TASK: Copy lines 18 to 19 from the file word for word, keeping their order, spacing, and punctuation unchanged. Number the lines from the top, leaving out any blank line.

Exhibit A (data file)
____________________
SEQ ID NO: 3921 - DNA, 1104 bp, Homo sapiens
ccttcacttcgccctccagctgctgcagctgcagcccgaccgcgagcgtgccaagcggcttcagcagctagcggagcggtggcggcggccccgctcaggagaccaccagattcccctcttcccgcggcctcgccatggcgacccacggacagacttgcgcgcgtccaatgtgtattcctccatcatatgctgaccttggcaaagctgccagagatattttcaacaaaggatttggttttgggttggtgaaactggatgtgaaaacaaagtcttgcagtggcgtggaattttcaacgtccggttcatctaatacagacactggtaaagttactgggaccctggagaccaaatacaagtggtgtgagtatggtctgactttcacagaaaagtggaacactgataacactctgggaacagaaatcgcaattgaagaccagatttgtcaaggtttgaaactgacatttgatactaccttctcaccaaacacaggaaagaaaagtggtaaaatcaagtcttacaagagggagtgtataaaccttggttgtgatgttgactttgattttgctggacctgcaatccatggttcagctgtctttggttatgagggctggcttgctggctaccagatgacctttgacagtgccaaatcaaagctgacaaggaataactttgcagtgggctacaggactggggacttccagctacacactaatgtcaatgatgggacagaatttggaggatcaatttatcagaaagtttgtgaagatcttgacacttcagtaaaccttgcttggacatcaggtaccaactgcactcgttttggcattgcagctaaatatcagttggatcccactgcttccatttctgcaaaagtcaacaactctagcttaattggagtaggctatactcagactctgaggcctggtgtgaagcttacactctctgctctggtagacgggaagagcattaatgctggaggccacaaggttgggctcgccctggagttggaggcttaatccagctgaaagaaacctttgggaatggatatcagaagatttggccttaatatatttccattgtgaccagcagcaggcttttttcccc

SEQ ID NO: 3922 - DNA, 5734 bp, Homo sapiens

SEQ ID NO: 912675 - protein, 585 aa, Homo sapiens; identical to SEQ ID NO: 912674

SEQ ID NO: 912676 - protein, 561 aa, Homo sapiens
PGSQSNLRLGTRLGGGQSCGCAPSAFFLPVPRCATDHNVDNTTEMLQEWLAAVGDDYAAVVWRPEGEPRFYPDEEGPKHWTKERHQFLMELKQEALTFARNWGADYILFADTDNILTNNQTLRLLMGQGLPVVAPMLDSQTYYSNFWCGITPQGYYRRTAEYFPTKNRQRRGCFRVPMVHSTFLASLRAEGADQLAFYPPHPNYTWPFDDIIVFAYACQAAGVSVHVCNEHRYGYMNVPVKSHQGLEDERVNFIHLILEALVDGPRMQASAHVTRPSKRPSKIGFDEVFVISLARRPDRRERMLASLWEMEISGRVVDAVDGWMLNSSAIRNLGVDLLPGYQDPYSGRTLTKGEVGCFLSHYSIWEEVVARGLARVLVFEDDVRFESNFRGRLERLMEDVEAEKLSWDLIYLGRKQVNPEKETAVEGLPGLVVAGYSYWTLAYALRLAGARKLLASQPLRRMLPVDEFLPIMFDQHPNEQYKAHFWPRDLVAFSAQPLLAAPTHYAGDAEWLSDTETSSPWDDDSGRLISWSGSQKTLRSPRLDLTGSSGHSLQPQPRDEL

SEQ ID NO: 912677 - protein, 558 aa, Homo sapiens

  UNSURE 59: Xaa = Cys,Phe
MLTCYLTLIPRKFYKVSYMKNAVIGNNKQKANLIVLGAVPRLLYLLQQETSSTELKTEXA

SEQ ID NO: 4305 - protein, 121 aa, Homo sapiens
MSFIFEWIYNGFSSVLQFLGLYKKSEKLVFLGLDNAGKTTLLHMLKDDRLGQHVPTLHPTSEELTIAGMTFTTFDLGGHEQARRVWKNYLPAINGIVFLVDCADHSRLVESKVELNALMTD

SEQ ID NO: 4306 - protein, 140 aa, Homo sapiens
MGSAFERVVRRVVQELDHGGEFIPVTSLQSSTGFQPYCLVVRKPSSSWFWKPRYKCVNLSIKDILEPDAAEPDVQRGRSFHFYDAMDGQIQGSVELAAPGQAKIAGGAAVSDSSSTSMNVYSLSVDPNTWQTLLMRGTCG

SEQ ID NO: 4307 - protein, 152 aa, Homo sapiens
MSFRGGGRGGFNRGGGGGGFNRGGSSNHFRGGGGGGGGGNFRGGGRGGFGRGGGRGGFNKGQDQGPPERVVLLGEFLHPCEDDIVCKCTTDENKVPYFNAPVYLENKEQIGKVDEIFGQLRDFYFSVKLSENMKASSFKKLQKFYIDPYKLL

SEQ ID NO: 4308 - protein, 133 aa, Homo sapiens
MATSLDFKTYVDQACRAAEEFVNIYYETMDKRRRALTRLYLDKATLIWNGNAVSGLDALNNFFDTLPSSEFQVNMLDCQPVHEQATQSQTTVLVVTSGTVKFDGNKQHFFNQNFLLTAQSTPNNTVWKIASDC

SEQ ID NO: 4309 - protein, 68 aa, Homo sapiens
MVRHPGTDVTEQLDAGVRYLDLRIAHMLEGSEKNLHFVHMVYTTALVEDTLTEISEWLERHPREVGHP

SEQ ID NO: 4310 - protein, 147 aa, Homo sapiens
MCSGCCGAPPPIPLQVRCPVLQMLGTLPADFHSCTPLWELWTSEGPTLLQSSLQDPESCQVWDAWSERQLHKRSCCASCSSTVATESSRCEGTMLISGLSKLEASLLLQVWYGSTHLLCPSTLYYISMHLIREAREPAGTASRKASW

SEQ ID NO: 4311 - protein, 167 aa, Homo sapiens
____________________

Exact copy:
SEQ ID NO: 4309 - protein, 68 aa, Homo sapiens
MVRHPGTDVTEQLDAGVRYLDLRIAHMLEGSEKNLHFVHMVYTTALVEDTLTEISEWLERHPREVGHP